How does your small business Corporation or LLC pass to your family members upon your death?
We have come across many entrepreneurs and small business owners who have taken their business to the next level by incorporating into a C-Corp, or Sub-S Corporation or an LLC. This provides the business with a lot of protection and flexibility, but it doesn't automatically pass down to your heirs upon your death or keep your business legally operational if the shareholder/owner becomes incapacitated.
Consider how these formal business entities operate. The entity starts with owners, known as shareholders in context of a corporation, or members in context of an LLC. The shareholders or members vote to appoint managers of the business, known as Officers in a corporation context or Managers in an LLC context. Most small businesses are owned by one person or a married couple. They own the stock outright (single person, or sometimes only held by one spouse) or 50/50 (husband and wife are involved in the business), and they appoint themselves as the Officers or Managers.
Let's use an example where there is no business continuation plan in place. Let's say Joe is the sole Shareholder and Officer of the Corporation, and Joe suffers a stroke rendering him incapacitated. How does the business continue to operate? Who signs contracts and agreements? Who authorizes company activities? Who authorizes and pays the bills? In other words, is anyone authorized to step-up for Joe with all his legal authority to keep things moving until Joe recovers (if at all)?
What if, instead of Joe becoming incapacitated, he dies. Do his family members automatically have the legal authority to step in to run or sell the business? If not them, who?
The answer to both of these scenarios is NO ONE. At this point, only the court can intercede. If Joe is incapacitated, the court will step in to supervise a conservatorship petition which could take months or more to conclude. During this time, the court steps in and appoints someone to run the business as a custodian. This person often knows nothing about the business, its customers or how things work. Ultimately, the court will decide who will be allowed to run the business or if the business will be sold or dissolved.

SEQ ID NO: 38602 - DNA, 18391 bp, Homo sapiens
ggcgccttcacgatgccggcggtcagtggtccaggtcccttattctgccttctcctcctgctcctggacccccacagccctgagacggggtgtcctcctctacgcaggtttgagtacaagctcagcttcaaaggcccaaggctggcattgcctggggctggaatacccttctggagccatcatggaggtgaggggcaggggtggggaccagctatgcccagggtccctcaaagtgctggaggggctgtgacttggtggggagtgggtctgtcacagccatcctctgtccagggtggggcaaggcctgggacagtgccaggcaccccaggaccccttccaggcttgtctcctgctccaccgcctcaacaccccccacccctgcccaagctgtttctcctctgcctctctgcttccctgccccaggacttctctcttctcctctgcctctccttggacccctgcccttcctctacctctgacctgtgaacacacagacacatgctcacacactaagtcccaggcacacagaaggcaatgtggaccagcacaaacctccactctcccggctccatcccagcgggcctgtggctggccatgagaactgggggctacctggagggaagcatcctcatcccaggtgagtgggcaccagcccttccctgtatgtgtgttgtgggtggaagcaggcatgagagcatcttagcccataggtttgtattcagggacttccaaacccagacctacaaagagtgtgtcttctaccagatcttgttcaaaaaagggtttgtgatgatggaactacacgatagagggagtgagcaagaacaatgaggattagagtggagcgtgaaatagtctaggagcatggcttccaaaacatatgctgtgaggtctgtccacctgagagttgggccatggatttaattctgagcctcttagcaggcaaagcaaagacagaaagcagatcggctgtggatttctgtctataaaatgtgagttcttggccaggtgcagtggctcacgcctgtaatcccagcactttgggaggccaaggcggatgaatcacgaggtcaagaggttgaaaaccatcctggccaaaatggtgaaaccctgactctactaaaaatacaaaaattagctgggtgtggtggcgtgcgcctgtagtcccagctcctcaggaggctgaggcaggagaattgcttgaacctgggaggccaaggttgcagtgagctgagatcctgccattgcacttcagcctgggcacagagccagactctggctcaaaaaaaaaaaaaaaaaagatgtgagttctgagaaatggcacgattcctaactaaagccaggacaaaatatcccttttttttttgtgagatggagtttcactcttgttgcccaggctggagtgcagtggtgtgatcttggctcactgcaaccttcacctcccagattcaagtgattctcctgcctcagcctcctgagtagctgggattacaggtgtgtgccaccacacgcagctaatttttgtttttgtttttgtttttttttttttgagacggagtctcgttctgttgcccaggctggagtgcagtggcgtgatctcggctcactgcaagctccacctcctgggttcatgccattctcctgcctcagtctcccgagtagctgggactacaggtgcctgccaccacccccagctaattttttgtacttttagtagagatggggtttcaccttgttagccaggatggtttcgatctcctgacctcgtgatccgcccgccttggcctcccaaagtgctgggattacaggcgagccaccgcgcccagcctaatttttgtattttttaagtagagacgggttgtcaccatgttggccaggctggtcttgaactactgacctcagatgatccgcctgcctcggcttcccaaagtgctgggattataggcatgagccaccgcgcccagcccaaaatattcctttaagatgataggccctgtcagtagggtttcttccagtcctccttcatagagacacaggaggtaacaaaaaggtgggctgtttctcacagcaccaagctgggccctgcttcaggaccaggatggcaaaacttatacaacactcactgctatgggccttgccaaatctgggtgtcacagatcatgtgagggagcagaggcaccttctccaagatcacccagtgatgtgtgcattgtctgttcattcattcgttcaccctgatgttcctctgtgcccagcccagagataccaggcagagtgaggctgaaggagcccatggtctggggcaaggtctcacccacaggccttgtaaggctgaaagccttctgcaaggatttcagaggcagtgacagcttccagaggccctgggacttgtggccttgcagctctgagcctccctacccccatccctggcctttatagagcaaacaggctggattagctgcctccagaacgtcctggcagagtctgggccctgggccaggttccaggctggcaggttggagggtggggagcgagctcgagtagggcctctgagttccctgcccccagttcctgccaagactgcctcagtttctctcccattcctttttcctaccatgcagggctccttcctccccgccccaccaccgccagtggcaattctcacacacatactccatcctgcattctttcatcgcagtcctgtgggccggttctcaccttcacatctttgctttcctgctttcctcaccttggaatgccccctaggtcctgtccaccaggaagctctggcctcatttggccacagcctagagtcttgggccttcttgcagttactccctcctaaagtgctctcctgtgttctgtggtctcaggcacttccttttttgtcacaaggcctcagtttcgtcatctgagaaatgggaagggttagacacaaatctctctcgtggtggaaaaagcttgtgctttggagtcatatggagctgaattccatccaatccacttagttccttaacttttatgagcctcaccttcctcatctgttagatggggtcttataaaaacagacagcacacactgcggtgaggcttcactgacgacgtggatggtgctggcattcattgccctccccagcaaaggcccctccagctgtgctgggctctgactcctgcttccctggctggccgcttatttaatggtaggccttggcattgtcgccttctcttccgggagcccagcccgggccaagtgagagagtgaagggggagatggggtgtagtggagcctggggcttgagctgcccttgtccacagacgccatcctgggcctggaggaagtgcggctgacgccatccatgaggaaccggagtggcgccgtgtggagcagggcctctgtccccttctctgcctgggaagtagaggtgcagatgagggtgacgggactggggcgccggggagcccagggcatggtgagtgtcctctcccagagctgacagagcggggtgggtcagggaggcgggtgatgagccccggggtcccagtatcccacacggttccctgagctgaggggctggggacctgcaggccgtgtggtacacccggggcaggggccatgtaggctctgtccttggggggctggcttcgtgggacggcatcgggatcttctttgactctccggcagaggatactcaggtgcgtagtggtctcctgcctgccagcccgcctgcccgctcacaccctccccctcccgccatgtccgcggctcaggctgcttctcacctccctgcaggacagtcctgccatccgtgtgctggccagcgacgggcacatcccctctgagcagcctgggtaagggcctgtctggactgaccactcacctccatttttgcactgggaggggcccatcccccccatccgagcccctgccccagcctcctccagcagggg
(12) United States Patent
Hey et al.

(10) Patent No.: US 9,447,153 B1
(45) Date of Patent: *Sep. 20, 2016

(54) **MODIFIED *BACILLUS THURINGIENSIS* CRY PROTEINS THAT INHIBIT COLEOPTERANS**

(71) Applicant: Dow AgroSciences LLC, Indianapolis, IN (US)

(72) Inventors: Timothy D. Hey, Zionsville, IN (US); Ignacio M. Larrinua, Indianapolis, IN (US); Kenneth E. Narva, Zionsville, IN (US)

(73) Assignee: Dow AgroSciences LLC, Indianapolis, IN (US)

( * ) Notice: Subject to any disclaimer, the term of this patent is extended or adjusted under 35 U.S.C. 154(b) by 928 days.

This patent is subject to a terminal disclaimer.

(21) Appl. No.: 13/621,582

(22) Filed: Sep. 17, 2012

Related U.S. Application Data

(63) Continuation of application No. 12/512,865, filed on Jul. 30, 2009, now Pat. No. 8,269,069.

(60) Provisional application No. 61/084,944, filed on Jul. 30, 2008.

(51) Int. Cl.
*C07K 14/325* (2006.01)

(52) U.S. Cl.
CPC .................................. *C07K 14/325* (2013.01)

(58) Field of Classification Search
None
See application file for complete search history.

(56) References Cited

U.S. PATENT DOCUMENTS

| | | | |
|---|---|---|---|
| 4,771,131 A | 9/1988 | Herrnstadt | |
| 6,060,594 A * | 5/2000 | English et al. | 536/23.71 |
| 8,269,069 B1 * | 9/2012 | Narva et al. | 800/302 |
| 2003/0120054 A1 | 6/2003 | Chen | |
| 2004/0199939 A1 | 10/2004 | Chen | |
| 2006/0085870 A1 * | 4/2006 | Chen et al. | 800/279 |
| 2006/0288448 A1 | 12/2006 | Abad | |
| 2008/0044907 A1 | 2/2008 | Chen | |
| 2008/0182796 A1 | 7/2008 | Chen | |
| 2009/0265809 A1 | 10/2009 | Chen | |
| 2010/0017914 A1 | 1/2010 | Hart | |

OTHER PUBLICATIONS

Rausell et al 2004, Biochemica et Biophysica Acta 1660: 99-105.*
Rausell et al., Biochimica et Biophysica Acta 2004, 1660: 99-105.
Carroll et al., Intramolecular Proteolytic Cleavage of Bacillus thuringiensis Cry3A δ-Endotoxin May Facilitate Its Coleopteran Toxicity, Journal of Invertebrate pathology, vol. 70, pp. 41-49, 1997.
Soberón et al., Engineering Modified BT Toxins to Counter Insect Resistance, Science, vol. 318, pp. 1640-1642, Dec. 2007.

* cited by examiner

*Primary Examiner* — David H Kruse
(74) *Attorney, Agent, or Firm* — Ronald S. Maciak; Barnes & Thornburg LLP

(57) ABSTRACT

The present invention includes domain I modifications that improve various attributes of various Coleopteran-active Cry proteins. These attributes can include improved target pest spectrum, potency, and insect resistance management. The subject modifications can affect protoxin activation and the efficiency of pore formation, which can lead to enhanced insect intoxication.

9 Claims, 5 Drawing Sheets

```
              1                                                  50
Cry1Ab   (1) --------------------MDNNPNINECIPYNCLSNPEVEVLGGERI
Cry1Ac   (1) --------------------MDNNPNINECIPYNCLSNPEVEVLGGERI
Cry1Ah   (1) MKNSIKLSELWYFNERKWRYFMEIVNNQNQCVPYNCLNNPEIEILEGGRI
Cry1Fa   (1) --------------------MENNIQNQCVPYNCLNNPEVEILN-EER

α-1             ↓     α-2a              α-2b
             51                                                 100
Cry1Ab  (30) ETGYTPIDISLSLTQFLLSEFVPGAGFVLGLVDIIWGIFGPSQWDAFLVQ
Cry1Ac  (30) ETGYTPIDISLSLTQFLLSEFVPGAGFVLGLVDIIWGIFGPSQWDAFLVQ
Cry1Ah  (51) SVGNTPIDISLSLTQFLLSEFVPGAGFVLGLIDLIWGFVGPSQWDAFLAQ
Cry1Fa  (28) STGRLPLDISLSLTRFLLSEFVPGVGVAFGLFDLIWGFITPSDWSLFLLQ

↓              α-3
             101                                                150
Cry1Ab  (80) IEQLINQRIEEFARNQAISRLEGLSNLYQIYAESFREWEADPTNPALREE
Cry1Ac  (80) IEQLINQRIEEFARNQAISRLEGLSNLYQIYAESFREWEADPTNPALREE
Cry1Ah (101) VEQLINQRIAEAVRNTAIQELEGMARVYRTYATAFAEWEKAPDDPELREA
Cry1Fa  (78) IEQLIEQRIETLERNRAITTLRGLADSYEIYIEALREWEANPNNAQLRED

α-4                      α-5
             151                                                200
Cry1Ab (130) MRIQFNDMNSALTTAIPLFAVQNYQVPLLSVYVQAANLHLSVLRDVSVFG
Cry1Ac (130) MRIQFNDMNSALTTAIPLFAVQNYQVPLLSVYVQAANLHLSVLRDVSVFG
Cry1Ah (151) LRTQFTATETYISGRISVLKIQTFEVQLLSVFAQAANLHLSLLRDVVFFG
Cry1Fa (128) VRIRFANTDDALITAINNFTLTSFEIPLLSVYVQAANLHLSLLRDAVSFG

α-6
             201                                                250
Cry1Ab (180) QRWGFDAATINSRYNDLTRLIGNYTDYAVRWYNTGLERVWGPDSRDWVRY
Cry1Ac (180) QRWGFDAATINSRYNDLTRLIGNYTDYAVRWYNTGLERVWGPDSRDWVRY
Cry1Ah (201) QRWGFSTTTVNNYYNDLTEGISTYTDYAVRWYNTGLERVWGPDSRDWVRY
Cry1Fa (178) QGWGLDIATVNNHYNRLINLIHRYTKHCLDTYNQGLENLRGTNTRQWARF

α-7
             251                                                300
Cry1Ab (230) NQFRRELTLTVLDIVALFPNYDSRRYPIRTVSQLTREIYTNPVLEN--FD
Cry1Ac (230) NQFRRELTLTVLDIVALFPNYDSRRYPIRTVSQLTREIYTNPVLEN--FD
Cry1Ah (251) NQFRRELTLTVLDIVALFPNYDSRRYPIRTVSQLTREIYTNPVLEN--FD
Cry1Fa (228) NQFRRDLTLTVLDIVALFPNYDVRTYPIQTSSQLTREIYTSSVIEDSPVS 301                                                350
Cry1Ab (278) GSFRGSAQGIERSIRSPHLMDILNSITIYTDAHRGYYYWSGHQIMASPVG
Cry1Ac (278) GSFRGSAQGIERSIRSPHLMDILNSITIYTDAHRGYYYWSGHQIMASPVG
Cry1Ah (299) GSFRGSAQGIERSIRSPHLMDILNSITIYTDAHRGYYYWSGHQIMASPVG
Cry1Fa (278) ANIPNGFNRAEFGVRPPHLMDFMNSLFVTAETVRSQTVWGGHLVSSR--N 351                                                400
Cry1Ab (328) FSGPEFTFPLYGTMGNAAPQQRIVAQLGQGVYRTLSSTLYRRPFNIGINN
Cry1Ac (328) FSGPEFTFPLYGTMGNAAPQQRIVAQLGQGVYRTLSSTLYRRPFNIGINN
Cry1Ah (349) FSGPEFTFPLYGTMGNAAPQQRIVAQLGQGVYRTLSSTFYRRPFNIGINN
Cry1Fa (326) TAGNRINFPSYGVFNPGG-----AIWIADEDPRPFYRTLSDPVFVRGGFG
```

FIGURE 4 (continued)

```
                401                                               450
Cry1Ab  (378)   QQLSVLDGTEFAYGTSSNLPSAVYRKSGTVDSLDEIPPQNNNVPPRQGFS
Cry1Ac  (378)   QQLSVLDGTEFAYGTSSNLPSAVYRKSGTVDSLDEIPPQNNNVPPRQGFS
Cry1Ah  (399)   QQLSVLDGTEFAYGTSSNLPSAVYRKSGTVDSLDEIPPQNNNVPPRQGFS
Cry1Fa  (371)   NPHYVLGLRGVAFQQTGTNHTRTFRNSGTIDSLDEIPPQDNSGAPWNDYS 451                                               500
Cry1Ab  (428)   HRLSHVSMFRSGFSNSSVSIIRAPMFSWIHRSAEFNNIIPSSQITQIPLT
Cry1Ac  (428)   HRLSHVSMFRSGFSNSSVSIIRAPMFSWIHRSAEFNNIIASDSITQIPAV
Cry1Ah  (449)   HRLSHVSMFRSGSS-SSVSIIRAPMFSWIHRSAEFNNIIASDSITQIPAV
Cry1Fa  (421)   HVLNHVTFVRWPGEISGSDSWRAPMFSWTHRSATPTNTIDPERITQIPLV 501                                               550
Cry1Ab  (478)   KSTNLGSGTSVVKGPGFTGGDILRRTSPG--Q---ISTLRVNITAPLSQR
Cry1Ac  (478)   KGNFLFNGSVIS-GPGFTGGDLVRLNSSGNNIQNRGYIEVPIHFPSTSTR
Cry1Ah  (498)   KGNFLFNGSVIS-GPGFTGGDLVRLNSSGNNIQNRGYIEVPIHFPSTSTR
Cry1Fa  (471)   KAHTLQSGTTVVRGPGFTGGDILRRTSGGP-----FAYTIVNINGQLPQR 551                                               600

If Joe were to die, the court also steps in to perform the same function, except that any value that remains in the business after nine months to two years of probate where the business is without its primary driving force will be passed to the family members according to state law.
A simple business continuity plan has Joe creating an Estate Plan consisting of both a Revocable Living Trust and Powers of Attorney. Joe transfers his shares of stock to his Revocable Living Trust. Now in the case of Joe’s incapacity, his hand-picked successor trustee for his trust will have legal authority to run the business immediately without court involvement or intrusions. If Joe dies, again his hand-picked successor trustee for his trust will be able to step in immediately to run the business giving him and the family time to consider the important decision of whether to continue the business, sell it or methodically wind it down. It does not become a fire sale asset, and it does not display any significant interruption in its products or services it provides to its customers.
When it comes to creating your business entity, consider using a professional service such as AmeriEstate who understands both the business formation as well as the Estate Planning aspects of forming, running and passing on your business.